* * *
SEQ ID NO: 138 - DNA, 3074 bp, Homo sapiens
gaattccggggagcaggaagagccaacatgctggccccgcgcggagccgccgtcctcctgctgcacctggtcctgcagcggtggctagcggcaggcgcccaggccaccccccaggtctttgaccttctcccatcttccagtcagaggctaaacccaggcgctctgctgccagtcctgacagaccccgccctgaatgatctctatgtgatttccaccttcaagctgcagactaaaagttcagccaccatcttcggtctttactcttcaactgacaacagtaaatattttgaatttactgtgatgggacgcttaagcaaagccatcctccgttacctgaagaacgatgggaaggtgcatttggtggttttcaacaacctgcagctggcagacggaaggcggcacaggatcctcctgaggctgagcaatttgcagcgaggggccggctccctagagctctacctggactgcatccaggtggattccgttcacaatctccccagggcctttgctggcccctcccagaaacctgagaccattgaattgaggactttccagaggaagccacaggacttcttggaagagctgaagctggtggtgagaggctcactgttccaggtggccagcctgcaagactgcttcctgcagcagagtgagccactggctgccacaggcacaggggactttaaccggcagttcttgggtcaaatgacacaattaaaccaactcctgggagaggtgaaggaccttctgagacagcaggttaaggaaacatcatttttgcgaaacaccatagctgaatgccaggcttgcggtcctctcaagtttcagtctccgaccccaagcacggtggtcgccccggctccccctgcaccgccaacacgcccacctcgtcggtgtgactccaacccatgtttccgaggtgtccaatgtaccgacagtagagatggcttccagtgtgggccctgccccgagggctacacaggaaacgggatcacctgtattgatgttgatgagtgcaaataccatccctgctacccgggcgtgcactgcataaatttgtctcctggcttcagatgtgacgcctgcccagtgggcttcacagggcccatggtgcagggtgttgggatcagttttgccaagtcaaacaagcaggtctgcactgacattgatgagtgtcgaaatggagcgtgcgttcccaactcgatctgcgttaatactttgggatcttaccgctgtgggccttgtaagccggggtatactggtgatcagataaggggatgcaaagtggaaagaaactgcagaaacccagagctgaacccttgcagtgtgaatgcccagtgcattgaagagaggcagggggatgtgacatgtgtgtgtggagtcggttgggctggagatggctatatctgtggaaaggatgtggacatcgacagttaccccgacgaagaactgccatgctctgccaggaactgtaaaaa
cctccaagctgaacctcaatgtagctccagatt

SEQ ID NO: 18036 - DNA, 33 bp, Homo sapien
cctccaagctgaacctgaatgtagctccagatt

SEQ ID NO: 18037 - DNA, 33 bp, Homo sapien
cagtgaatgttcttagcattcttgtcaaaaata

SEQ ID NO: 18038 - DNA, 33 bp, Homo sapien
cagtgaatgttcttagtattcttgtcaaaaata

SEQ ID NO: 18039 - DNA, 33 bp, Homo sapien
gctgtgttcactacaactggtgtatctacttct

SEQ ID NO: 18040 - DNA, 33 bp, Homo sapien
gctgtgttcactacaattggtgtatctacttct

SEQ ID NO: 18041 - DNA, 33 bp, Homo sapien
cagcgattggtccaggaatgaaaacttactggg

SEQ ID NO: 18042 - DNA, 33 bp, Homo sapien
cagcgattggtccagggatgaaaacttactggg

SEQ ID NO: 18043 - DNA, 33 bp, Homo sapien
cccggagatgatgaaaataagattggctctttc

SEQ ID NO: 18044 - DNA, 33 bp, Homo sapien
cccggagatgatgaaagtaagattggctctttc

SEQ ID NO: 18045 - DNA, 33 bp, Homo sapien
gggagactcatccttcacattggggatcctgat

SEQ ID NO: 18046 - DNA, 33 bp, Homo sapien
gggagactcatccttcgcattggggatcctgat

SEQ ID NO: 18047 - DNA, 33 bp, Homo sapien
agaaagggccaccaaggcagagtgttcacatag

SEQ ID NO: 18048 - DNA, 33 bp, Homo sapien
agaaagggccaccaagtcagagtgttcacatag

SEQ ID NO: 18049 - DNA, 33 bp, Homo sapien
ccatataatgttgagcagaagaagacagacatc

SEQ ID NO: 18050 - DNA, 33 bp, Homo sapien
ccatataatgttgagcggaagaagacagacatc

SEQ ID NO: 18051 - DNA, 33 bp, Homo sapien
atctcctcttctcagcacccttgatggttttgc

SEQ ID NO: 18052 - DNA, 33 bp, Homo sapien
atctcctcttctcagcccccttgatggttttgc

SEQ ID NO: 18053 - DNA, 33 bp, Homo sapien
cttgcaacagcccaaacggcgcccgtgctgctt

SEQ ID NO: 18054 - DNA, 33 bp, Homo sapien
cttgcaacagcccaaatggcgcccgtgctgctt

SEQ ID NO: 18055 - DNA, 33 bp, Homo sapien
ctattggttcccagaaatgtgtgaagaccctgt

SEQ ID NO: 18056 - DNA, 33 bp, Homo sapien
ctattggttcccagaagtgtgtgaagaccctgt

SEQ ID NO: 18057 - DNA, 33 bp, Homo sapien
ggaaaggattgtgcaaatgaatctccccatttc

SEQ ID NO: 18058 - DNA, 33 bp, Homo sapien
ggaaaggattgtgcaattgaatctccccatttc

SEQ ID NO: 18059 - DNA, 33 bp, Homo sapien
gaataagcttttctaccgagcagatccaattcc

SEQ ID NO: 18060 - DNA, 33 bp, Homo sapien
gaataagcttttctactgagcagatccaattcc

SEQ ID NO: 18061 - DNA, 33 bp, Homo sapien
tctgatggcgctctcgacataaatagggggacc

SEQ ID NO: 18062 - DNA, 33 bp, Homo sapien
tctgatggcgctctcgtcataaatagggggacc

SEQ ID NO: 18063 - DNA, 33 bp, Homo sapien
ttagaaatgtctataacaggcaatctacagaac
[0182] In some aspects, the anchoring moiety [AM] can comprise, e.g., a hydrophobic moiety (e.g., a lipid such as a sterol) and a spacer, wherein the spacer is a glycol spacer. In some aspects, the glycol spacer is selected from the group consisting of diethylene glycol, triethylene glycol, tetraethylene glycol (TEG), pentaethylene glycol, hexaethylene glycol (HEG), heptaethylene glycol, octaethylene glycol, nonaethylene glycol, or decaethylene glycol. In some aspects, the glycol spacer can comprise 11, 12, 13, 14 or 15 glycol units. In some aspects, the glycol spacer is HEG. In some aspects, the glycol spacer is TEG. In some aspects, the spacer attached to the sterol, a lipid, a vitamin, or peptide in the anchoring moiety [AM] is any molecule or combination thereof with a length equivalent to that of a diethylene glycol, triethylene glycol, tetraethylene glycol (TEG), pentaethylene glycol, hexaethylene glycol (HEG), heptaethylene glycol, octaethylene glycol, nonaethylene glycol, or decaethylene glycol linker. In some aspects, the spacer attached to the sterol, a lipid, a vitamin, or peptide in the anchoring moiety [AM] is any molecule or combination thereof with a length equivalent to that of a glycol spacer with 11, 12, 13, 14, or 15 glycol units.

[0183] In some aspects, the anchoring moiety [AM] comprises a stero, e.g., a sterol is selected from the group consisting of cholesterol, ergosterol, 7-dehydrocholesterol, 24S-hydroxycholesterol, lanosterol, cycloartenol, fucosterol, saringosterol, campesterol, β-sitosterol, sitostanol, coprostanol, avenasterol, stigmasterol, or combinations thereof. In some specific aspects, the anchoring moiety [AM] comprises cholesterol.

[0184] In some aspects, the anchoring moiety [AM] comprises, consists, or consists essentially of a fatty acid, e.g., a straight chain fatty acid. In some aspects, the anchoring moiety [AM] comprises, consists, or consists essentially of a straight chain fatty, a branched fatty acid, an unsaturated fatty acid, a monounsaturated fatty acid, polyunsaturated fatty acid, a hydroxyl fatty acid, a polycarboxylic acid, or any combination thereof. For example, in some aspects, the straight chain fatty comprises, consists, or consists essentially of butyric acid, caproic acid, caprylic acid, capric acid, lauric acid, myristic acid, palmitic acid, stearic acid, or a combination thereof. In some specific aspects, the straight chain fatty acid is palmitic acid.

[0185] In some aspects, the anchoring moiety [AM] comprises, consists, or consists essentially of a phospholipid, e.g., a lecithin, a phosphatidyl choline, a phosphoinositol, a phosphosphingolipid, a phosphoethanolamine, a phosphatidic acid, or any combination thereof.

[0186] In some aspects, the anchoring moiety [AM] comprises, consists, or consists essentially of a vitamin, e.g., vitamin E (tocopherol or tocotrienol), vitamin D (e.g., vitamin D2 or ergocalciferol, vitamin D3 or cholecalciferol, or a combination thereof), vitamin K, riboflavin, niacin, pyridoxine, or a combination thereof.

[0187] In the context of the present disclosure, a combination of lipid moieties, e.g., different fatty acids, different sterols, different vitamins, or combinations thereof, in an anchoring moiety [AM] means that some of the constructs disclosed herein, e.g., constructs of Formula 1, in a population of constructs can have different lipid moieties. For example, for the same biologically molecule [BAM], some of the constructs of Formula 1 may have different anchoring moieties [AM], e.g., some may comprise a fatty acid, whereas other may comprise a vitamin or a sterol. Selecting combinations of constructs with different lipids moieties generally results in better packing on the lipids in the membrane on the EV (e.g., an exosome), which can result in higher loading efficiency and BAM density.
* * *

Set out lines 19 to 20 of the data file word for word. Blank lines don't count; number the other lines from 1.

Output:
cccggagatgatgaaaataagattggctctttc

SEQ ID NO: 18044 - DNA, 33 bp, Homo sapien